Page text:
By Frank Pollard
"The Places We'll Go"
I and II Samuel
In "Alice in Wonderland" Alice is saying to the Chesshire cat,
"Can you please tell me which way to go?" The cat replies, "Well, that
depends a great deal on where you want to get to." Alice, "I don't
care much where." The cat, "Then it doesn't matter which way you go."
Well, of course, to most of us it does matter which way we go in life
but whether we plan our course or not, we'll all go places we never
thought we would. Wonderful and good places and we will go to places
we don't want to go in life. You may get up on a morning and saunter
into the most wonderful joyous day of your life or walk into the worst
day you'll ever experience. There are times when life is tame, same,
ever dull and there are times when the heart within you beats for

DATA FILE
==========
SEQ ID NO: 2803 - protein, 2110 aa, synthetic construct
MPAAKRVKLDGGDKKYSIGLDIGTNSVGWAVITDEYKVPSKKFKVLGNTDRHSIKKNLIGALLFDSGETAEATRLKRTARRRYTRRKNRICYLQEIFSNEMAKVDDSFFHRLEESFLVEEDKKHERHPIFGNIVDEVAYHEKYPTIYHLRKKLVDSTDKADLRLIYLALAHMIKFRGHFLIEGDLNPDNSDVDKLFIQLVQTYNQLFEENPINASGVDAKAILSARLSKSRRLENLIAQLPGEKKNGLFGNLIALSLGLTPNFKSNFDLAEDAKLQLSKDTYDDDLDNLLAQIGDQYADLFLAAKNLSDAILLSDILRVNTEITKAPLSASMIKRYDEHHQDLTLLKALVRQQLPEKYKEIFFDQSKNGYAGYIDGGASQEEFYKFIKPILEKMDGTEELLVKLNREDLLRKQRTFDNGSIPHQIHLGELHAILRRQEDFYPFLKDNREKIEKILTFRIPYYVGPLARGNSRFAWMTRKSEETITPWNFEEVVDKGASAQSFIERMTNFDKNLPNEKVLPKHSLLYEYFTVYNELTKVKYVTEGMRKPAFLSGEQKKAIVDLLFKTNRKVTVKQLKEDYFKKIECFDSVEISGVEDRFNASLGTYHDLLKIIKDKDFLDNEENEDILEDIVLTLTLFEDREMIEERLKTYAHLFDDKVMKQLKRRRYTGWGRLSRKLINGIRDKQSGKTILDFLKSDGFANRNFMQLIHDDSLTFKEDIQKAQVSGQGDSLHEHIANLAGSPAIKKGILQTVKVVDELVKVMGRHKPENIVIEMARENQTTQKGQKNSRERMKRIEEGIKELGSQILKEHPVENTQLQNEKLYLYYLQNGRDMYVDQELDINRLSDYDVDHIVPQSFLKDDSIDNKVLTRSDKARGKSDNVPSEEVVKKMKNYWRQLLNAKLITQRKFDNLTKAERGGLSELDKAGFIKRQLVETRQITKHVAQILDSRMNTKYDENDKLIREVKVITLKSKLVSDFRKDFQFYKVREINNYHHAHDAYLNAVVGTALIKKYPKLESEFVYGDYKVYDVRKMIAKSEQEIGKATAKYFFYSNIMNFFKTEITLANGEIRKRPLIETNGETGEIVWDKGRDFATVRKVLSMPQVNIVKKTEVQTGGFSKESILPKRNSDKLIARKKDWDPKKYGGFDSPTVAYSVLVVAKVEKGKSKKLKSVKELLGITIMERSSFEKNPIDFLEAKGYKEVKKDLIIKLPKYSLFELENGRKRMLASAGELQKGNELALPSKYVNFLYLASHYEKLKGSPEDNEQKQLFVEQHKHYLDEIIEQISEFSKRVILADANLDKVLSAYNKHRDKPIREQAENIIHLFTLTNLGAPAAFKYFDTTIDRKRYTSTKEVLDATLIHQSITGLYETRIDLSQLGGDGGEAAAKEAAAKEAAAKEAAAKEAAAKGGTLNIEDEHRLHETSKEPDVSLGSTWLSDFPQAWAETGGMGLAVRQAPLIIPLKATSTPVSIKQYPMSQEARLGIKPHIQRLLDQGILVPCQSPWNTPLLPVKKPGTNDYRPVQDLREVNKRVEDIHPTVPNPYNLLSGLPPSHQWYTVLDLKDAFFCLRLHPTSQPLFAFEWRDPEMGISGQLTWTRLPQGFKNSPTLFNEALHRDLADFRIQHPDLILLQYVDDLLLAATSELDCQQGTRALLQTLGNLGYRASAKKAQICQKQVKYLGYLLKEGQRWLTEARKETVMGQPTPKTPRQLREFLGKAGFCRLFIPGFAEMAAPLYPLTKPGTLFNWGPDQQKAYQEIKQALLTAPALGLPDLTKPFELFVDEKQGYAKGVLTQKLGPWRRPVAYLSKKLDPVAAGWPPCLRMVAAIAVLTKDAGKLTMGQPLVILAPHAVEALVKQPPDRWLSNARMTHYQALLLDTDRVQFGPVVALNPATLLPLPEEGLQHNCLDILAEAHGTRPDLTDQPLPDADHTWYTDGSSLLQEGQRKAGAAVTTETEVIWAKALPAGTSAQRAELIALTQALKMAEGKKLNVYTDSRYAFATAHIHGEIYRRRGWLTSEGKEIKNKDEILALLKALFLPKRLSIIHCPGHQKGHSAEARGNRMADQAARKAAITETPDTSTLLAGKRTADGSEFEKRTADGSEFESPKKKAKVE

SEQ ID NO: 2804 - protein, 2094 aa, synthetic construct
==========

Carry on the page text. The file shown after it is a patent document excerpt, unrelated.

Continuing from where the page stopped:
better or for worse.
As only he can, the wordsmith, Dr. Seuss, presents a positive, yet
realistic description of life. In his best-selling book, oh, the
Places You'll Go, he leads us through success and failure, triumph and
tragedy and at last up the mountain of our destiny.
Take any autobiography of personal greatness that you have read
and it fits Dr. Seuss' description. Take any account in God's Word of
people He used to enrich their lives and further His purposes, and it
fits - Noah, Abraham, all of them.
I and II Samuel tell of the life of David. He went places. The
high soaring flights of early success, the prickly perch, the coming
down with a lurch, the slump, the loneliness and the enemies prowl. He
climbed his mountain called Zion, some fifteen miles from his birth-
place and built from there the greatest kingdom his people ever
It all started in the home of Mr. and Mrs. Jesse of Bethlehem.
David was son number eight. You're not supposed to be a leader when
you're the baby of the bunch. The human behaviorists tell us that
leaders are seldom ever the last child born because they never had
anyone to lead while they we ...
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